[Mohs micrographic surgery: our first 100 patients].

Actas dermo-sifiliograficas

PubMedID: 18394403

Alonso T, Sánchez P, González A, Ingelmo J, Ruiz I, Delgado S, Rodríguez MA. [Mohs micrographic surgery: our first 100 patients]. Actas Dermosifiliogr. 2008;99(4):275-80.
Mohs surgery was first described by Frederic Mohs in 1941 to eliminate high-risk cutaneous tumors. The technique involves histological examination of the margins.

The aim of this study was to describe the clinical findings and compare the grade and subclinical extension of the tumor as measured by the number of Mohs stages needed for complete elimination according to whether the tumor presented high-risk factors.

We included 100 patients with 105 tumors. In all cases, age, sex, tumor site, tumor type, histological subtype in the case of basal cell carcinoma, size, recurrences, number of Mohs stages, and reconstruction technique were recorded.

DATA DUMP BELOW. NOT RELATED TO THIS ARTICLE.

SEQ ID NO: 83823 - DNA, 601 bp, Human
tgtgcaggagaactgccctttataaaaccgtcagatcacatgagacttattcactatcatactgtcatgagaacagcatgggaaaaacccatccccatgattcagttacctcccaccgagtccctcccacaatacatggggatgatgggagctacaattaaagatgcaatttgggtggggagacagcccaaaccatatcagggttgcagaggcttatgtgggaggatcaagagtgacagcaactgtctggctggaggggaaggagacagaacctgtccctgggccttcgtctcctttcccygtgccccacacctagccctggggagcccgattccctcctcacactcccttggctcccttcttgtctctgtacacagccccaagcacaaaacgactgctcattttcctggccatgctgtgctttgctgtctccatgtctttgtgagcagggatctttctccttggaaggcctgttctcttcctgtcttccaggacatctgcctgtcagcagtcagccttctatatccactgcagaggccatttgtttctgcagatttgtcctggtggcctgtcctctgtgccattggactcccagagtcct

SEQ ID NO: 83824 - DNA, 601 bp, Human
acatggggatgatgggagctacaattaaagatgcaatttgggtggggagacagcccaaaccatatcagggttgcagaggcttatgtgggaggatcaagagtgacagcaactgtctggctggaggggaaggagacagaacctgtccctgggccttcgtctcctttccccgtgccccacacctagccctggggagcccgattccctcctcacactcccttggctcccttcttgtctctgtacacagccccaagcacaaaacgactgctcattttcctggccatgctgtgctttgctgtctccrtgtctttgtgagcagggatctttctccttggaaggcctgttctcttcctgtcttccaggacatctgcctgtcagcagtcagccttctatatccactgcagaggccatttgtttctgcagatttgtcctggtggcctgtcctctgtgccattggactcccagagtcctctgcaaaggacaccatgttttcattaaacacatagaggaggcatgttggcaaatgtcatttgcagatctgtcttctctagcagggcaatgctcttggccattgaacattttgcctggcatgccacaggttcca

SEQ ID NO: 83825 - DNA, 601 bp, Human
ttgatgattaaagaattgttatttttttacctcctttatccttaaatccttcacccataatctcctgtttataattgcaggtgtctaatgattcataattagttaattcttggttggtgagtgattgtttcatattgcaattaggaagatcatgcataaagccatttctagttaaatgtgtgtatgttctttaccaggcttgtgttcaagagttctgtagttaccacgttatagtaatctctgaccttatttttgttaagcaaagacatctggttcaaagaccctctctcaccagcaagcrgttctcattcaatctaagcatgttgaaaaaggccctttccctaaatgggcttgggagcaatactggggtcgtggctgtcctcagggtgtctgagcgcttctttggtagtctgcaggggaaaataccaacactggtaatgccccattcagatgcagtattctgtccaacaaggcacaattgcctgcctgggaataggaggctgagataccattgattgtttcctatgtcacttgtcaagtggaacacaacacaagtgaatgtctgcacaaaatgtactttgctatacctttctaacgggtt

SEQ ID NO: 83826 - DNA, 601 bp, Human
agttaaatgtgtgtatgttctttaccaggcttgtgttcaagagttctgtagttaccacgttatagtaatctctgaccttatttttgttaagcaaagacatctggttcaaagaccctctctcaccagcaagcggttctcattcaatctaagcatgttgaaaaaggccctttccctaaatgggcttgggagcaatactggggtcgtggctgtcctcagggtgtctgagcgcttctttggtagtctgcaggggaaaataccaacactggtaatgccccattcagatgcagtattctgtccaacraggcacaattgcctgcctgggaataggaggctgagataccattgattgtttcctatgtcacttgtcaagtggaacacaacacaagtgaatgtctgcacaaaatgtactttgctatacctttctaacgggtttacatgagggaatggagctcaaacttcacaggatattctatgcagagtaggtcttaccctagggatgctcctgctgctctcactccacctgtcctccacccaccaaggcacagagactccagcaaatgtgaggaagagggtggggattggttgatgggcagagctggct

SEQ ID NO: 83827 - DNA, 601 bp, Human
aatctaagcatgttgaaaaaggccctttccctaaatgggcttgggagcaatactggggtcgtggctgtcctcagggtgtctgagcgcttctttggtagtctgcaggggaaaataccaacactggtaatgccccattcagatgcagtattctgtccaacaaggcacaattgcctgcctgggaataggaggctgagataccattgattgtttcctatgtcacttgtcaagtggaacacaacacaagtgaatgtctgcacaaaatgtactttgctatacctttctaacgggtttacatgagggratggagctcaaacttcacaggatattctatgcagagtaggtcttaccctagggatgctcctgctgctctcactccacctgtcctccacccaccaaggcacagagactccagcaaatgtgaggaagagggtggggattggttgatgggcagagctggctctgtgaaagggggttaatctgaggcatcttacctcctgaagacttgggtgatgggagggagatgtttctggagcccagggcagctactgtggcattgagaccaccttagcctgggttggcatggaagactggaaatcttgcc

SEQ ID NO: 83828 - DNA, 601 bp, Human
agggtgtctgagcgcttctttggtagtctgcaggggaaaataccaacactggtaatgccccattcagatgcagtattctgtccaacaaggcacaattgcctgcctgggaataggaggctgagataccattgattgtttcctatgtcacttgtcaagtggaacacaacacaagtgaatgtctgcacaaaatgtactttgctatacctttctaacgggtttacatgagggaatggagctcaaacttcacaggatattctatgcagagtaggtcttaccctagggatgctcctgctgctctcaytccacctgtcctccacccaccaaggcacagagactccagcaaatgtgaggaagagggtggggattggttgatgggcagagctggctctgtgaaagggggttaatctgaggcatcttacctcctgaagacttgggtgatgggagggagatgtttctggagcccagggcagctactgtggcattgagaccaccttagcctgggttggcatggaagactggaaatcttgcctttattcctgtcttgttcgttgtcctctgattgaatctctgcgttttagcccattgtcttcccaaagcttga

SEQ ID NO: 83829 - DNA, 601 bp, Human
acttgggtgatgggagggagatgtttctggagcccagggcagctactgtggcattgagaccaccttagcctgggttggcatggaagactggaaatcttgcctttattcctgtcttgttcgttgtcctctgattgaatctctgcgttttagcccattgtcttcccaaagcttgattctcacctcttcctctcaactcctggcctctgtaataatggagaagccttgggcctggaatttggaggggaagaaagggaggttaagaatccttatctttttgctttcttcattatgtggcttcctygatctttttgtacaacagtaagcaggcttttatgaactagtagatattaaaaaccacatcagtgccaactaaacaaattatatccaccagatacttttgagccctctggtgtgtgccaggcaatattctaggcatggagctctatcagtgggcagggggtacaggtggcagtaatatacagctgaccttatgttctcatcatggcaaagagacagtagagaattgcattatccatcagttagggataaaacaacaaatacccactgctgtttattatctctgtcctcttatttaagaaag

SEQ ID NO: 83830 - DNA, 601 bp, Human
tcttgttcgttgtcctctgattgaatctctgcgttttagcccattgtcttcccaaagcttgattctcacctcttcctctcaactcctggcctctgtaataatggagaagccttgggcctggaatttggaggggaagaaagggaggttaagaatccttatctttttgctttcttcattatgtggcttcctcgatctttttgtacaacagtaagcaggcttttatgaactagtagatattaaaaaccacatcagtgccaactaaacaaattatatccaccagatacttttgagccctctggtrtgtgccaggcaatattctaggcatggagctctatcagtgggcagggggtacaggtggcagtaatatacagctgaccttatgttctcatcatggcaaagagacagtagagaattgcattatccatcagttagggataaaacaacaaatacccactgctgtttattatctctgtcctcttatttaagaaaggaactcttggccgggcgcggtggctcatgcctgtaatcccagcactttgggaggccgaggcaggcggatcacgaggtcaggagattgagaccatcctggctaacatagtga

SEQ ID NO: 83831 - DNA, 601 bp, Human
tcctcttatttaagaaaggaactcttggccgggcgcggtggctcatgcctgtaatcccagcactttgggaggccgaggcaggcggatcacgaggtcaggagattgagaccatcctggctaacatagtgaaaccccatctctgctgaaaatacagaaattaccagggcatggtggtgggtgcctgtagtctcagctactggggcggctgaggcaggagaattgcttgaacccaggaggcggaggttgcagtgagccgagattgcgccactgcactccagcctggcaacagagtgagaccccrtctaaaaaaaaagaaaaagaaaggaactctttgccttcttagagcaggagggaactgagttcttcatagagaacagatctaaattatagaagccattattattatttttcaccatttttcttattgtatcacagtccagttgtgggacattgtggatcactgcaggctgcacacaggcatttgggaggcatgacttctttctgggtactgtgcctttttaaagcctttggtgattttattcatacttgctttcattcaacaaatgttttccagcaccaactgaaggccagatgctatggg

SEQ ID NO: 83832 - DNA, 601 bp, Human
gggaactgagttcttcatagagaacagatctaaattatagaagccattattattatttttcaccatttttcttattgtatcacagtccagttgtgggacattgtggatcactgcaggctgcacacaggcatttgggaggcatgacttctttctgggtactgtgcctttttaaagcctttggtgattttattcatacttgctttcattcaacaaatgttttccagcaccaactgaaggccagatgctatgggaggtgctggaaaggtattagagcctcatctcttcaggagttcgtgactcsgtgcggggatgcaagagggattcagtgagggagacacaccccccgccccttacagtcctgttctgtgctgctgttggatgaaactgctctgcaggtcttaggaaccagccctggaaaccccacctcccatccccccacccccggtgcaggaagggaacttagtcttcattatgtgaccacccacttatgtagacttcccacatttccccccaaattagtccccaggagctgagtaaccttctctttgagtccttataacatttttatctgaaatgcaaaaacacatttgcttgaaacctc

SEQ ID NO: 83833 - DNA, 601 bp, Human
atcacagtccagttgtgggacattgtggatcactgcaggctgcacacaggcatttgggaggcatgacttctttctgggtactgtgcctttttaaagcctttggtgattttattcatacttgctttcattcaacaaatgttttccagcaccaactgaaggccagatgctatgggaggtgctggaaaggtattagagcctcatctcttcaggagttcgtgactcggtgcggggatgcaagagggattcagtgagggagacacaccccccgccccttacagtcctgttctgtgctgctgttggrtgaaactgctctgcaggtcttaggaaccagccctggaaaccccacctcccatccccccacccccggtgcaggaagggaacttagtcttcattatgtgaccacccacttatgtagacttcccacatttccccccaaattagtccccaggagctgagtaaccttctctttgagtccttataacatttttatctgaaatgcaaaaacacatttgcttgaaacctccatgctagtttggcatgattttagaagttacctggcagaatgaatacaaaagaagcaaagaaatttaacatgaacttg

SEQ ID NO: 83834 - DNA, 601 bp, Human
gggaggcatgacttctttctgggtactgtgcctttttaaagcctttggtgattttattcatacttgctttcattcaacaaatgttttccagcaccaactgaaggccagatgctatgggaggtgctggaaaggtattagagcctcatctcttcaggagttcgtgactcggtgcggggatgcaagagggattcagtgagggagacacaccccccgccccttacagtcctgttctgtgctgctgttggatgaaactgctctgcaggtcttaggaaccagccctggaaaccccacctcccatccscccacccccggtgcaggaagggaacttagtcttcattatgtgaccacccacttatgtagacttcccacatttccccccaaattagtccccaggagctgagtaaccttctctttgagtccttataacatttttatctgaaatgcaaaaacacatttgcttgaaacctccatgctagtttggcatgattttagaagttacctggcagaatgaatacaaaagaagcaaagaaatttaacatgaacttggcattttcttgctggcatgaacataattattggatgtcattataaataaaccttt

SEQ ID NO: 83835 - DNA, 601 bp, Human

The study group comprised 44 men and 56 women aged between 28 and 88 years (mean, 72.6 years). Of the tumors, 80 % corresponded to basal cell carcinoma, 12.38 % to squamous cell carcinoma, 4.76 % to dermatofibrosarcoma protuberans, 0.95 % to Merkel cell carcinoma, 0.95 % to microcystic adnexal carcinoma, and 0.95 % to lentigo maligna melanoma. Most tumors were located on the head and 60 % required more than one Mohs stage for complete elimination.

This series is characterized by a high percentage of high-risk cutaneous tumors. After assessing the risk factors independently, we found that the size of the tumor is the risk factor most closely related to grade and subclinical extension in the case of basal cell carcinoma, although similar conclusions cannot be drawn for the other types of tumor studied.